Dialogue: Adoor Gopalakrishnan


Adoor Gopalakrishnan is not a prolific filmmaker. He has made 10 features since his first in 1972, "Swayamvaram" (One's Own Choice), and about 30 documentaries or shorts. His many layered movies are set in his native Kerala and sometimes on the State's borders with Tamil Nadu or Karnataka. Most often he writes his own stories and scripts. On those rare occasions when he adapts other writers' works, they form, above all, sources of inspiration, lending themselves to newer interpretations and cinematic forms. The Hollywood Reporter's Gautaman Bhaskaran caught up with the director at the 10th Deauville Asian Film Festival in France, March 10-16, at the screening of his latest feature, "Naalu Pennungal" (Four Women), based on four short stories of late renowned Kerala writer Thakazhi Sivasankara Pillai. Premiered in Toronto late last year, the film's tells of a prostitute, a farm worker, a childless woman and a spinster, each by turns tempted by marriage and love and frustrated by society's ridicule and rejection.

The Hollywood Reporter:
What drew you to Thakazhi Sivasankara Pillai's fiction?
Adoor Gopalakrishnan: I grew up reading Thakazhi, and have always been an admirer of his perceptive literary work, both novels and short stories. Of the 400-odd short stories of his, the four I chose for this film are the closest to my heart. These stories, which reflect the state of women in Kerala's society half a century ago, continue to be relevant to this day.

THR: What are the challenges you faced when adapting these stories to the screen?
Gopalakrishnan: My allegiance lies more with the spirit rather than letter. As I develop the script, new characters and situations emerge. In "Four Women," the stories may appear independent of one another, but actually a thematic development within and between the four stories unites them into an integrated whole. The biggest challenge in any adaptation is to overcome the literariness of the original.

THR: Do you feel the plight of women in Kerala has undergone major changes in these 50 years?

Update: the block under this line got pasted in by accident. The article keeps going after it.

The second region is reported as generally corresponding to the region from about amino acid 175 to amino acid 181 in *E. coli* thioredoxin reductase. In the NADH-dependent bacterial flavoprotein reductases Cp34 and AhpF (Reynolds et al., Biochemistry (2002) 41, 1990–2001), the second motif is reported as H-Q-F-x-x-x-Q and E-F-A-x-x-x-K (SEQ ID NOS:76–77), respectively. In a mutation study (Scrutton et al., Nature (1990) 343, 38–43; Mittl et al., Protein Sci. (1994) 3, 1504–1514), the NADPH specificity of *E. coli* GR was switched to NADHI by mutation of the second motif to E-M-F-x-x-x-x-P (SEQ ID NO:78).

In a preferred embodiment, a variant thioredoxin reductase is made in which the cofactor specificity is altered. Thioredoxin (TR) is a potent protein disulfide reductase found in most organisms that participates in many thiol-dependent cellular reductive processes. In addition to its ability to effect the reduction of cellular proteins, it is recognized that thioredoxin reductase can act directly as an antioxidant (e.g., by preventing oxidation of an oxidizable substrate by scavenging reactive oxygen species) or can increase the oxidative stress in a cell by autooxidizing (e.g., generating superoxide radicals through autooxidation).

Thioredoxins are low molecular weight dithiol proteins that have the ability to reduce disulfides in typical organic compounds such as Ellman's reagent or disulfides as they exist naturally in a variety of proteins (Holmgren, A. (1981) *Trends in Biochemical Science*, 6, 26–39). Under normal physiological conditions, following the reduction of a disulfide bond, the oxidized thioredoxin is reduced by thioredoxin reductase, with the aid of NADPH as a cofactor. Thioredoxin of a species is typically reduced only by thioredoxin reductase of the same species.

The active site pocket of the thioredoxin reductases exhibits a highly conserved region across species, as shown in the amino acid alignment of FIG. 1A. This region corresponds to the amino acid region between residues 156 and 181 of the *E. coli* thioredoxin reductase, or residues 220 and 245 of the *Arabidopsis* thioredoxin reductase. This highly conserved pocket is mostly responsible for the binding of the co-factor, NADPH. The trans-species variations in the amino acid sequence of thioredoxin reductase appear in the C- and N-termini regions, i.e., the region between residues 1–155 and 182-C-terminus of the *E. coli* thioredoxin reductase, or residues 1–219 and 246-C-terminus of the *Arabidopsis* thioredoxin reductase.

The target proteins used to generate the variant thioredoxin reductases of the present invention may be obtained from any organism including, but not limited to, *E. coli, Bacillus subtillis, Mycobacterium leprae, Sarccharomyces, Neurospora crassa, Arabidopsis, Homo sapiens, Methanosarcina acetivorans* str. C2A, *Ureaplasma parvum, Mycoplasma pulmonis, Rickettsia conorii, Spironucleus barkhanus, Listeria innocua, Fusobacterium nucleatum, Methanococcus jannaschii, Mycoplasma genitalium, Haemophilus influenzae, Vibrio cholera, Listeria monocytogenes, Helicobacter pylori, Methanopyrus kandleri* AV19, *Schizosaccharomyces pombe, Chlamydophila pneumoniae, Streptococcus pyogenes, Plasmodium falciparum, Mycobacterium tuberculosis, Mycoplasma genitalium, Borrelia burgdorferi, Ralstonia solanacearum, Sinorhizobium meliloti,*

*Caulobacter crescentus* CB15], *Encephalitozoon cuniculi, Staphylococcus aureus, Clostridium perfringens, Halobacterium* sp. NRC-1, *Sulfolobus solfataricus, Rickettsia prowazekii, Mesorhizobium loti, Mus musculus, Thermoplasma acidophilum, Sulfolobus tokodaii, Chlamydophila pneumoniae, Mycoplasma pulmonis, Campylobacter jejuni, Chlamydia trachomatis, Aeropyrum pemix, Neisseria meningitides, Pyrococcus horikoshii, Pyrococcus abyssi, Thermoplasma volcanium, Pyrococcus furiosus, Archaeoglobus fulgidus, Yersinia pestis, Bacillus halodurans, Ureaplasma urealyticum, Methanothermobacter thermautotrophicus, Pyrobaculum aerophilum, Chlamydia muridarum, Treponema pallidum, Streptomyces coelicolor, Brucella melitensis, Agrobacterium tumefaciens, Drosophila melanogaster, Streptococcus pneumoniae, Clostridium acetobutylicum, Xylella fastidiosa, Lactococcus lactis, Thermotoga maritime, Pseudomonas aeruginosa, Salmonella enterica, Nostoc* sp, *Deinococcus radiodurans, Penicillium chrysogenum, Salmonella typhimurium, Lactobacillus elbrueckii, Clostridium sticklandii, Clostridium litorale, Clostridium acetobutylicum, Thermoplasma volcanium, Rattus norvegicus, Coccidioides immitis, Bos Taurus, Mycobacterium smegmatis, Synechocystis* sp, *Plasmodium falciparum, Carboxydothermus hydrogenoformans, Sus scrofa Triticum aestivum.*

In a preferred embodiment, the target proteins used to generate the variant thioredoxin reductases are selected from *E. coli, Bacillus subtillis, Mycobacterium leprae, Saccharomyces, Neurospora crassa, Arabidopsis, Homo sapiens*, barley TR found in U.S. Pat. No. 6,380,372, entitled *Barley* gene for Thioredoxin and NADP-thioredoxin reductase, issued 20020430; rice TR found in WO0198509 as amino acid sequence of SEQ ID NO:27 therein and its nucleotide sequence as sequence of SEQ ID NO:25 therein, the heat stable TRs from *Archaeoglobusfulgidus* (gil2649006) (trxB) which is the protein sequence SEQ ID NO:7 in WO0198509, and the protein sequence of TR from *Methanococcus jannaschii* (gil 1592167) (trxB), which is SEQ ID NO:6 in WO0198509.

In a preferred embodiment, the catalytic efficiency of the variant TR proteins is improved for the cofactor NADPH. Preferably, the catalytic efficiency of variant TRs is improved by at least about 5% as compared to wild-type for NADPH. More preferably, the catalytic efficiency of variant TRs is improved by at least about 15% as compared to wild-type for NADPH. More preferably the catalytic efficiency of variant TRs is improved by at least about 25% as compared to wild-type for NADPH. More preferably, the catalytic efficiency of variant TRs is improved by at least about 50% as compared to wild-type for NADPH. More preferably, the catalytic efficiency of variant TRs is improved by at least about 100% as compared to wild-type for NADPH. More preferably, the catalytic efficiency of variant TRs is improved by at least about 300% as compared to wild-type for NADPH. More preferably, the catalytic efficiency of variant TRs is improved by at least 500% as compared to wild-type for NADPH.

Gopalakrishnan: In Kerala women have always enjoyed greater privileges than in the other parts of the country because of the matrilineal system. But they have also faced restraints due to social conventions and age-old traditions. However, in the past 50 years, several social and political movements, universal education and legislation have empowered women to gain greater economic freedom. A marked improvement in their social condition is clearly visible. Yet, a lot more needs to be achieved.

THR: "Four Women" has been widely appreciated and well received all over the world. It has been a favorite in many festivals. Does the subject of women have something to do with this appeal?
Gopalakrishnan: Yes. Women everywhere, in India and abroad, have strongly identified with this movie. At Deauville, as elsewhere, I found women deeply empathetic in their response to the film's characters and their concerns. The fact that my characters are strong-willed women, not buckling even under adversity, has endeared the movie to female viewers.

THR: How are you able to draw excellent performances out of your actors?
Gopalakrishnan: An actor is my medium. I pay great attention to performance, and the process begins with the casting. Basically, the actor must look the part. I have several rehearsals before the actual shoot. I also go for several takes till I am completely satisfied with the outcome. Having been a stage actor myself in my younger days, I feel I am of greater help to my actor.

THR: What next?
Gopalakrishnan: My next film is also based on Thakazhi's stories. Titled, "Crime and Punishment", the production is nearly complete.

THR: How would you view the Bollywoodization of Indian cinema?
Gopalakrishnan: It is not good for India cinema. Bollywood or Hindi films make for less a fourth of the 1,000-odd movies made annually, and cinema in languages such as Tamil, Keralam and Bengali are as rich, and interestingly different in some ways. They together and individually add to the country's cinematic treasure and memory. Bollywood with its money and muscle power is like a large fish trying to swallow the smaller fish. My kind of cinema, intimate and personal, has its committed audience all right, but does suffer in the face of unfair distribution and exhibition that seem to favor big budget films.

THR: What is the solution?
Gopalakrishnan: Maybe the establishment of small 100- or 200-seat cinemas where low budget, regional movies can be screened. At one point in time, the National Film Development Corporation of India had planned a chain of small theatres, but nothing came of it. The plan must be revived. Otherwise, Indian cinema may become boringly uniform with Bollywood monopolizing the screen.

Adoor Gopalakrishnan

Birthplace: Adoor in Kerala, India.
Birth date: July 3 1939.
Selected filmography: "Naalu Pennungal" (Four Women), 2007; "Nizhalkkuthu" (Shadow Kill), 2002; "Kathapurushan" (Man of the Story), 1995; "Mathilukal" (Walls), 1989; "Anantaram" (Monologue) 1987; "Mukhamukham" (Face to Face), 1984; "Elippathayam" (Rat Trap), 1981; "Kodiyettam" (The Ascent), 1977; "Swayamvaram" (One's Own Choice), 1972
Notable awards: Padma Vibhushan, India's top civilian honor, 2006, for Achievement in the Field of Arts (Cinema); International Film Critics' Prize, 1990, for the Best Film at Venice for "Mathilukal" (The Walls); British Film Institute Award for the Most Original and Imaginative Film of 1982 for "Elippathayam" (Rat Trap)